The Preface. vi

The Preface.

There are also entred many considerable Extracts out of the Registry of the Bishop of London: And chiefly taken from last Wills and Testaments of the Citizens. For which I am beholden to Mr. Edw. Alexander, the present Register; from which many valuable Things may be, and are excerpted, serviceable to us; as concerning Churches, Places, Persons, Legacies, Benefactions, Custom of Funerals, Guyles, Processions, &c.

Besides, this Work is amplified with great Numbers of MSS. from Libraries and Archives, dispersed throughout the Book in proper Places; either concerning the Companies, or the Government, or the Laws, or the Liberties, or various other Matters occurring, as relating to the City.

Many choice Collections also, for the Improvement of the Work, have been taken by me out of the Library of the Heralds at their Office, by their ready and kind Permission and Assistance. To whom for their continual Friendship, and my free Access thither, I own my self much obliged.

I have also used Diligence in going my self to the Churches in London and Westminster, Southwark, and the Suburbs; for the retrieving Notices of as many of the Monuments of the dead, both ancient, and even to these Times, as I could: Taking out the Accounts of them, engraven on their Brass, or Stones; especially of such, whether Men, or Women, or Children of more Note, either for Place, Quality, Learning, &c. And withal, casting an Eye upon, and reading the Monuments, the Inscriptions whereof were entred in the former Edition, which were by this Time in many Places defaced, and not legible, so that they are preserved in the Book, tho' lost in the Monuments.

Tho' here I must inform the Reader, that in some of those Inscriptions, which are Latin, as they were in that Edition, were divers Blunders, either by false Latin confounding the Sense, or false Quantities in the Verses. Whereof some that were obvious, I hæve rectified; but others, not so easy to be set right, I have let stand as I found them; rather than setting down mine own Conjectures and Fancy, to impose upon the Reader. But I must add in favour of the Prints, that the Monks, who were commonly the Framers of these Epitaphs, were but ordinarily skilled in elegant Latin, and dispensed with themselves, for the sake of the Rhime, in less exact and true Poetry.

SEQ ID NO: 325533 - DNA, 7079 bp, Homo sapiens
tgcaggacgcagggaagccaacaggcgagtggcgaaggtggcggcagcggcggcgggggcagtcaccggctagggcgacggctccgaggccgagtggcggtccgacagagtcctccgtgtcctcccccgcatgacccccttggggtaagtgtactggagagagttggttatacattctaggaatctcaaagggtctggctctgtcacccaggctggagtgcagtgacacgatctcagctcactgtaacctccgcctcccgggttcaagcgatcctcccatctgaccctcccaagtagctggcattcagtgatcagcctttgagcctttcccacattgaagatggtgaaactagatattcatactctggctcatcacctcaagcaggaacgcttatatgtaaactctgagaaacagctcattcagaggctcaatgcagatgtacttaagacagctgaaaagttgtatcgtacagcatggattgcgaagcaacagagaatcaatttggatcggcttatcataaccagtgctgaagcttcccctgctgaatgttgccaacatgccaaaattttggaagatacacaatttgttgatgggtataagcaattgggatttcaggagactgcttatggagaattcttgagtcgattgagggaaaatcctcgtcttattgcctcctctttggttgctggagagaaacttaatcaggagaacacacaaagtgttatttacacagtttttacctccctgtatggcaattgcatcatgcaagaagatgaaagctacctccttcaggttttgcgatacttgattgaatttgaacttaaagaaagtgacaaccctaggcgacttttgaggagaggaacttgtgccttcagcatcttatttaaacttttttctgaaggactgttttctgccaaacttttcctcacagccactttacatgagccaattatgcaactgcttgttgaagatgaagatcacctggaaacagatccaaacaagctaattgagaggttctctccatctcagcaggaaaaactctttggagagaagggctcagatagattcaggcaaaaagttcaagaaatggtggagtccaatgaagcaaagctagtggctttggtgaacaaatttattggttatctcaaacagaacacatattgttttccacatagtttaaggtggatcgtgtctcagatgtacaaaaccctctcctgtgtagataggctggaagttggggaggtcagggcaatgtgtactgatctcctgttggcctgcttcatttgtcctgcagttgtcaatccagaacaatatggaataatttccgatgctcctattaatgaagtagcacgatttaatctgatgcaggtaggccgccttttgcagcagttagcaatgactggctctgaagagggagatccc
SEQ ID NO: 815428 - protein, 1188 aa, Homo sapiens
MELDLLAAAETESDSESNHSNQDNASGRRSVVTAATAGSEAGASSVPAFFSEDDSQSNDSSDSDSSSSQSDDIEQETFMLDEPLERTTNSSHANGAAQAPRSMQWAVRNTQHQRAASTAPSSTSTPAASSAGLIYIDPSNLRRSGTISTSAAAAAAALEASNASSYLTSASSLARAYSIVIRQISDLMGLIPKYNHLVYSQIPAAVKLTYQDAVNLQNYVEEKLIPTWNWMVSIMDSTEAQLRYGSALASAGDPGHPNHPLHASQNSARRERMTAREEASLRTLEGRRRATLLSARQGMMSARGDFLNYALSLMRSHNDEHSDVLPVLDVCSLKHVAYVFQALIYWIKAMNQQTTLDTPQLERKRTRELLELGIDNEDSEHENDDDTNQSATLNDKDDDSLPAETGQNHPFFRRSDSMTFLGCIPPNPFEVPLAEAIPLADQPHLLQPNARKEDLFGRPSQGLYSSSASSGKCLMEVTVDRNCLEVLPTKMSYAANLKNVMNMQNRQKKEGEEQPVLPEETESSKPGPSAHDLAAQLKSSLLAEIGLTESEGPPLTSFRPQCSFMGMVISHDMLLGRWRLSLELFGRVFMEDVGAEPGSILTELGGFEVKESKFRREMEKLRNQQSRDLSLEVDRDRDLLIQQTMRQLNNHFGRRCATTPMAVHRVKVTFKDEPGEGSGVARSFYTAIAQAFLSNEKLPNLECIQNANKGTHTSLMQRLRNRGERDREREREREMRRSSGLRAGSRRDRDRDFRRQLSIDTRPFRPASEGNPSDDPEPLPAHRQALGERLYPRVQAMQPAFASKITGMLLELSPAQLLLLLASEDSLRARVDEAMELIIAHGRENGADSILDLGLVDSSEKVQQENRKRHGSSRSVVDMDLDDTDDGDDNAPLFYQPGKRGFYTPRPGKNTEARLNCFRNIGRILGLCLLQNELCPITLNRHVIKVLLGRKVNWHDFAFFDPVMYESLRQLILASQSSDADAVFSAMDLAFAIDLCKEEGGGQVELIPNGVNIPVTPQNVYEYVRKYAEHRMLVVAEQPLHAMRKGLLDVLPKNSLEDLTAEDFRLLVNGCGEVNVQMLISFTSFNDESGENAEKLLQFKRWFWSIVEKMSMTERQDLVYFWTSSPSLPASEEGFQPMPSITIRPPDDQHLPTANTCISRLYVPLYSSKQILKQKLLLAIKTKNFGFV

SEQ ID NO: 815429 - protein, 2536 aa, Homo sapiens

I have been able likewise to make considerable Additions to this Branch of the Book, that concerns the Dead, and their Monuments, by the MSS. of Matthew Hutton D. D. deceased; now remaining in the Heralds Office, and by other Books there: Where are noted very many ancient Interrements, with the respective Epitaphs.

Another thing done in this Edition is, that whereas a considerable Quantity of Additions, (called Remains) to each of the Parish Churches in the several Wards, shewing the more modern Reparations of them, with the Costs, and some Inscriptions upon Monuments of Persons more lately deceased; and some other good Tracts, which came to the former Editors Hands too late, and so thrown at the End of the Book: All these are now duly entred into their proper Places in the Body of the Book, where they ought to stand. They are called Remains or Remnants of divers worthy Things: Which should have had their due Place in the Work, if promising Friends had kept their Words. Among these Remains there be Accounts given of Charitable Gifts, bequeathed by the last Wills of some eminent Persons interred; shewn in the Inscriptions upon their Monuments.

I have also considerably improved that Part of the Book toward the End, called A Perambulation, or Circuit Walk Four Miles about London, viz. lying in the Four bordering Counties of Middlesex, Surrey, Kent and Essex: shewing some of the Monuments in the several Parish Churches there: For which Purpose I allowed my self some Time in resorting to all those Churches and some others somewhat further; in order to transcribe, for the Use of this Book, all such Epitaphs as were engraven upon Monuments and Gravestones of later Times (or elder Times omitted before) for Persons of some Note and Eminency; Citizens for the most Part, who had their Seats and Country Retirements there: Such chiefly as were interred since the last Edition; which are many. And as I have met with Matters of Remark or Antiquity, relating to any of those Parishes or Churches, I have entred them with some Observations.

I add to all the rest, that I have carefully reviewed the latter Editions of the Book, and compared them with the former of Stow's own setting forth: a Thing needful to be done; many Slips and erroneous Readings being discovered and set right. And where some Alterations were made from the Authors own Words, as seeming to want Correction, the pretended Emendations of them wanted Corrections themselves; and nothing was to be done, but restoring the Words as they were before. Thus where in the first Edition, Wappin is called, Wappin in the Wose, in the next Edition it was made Wappin in the West, by the Corrector. Afterwards the Editor, considering, that Wappin lay not West of the City, but rather East, took the Liberty to change it again, and make it Wappin in the East. Whereas all this while Stow was right and his Correctors wrong; that Part of Wappin being truly called In the Wose, or Oose, signifying a Wet or Marshy Place: And therefore called at this Time Wappin Marsh. And so again, where mention was made of an Alms House to be built by one Mr. Fuller in the Parish of Stepney or Stebenheth, misprinted Stekenheth, by putting of the Letter k for b, the Correctors in the next Edition thought fit to make it Stokenheath: scarce any such Parish in England.

Book I. c. 30.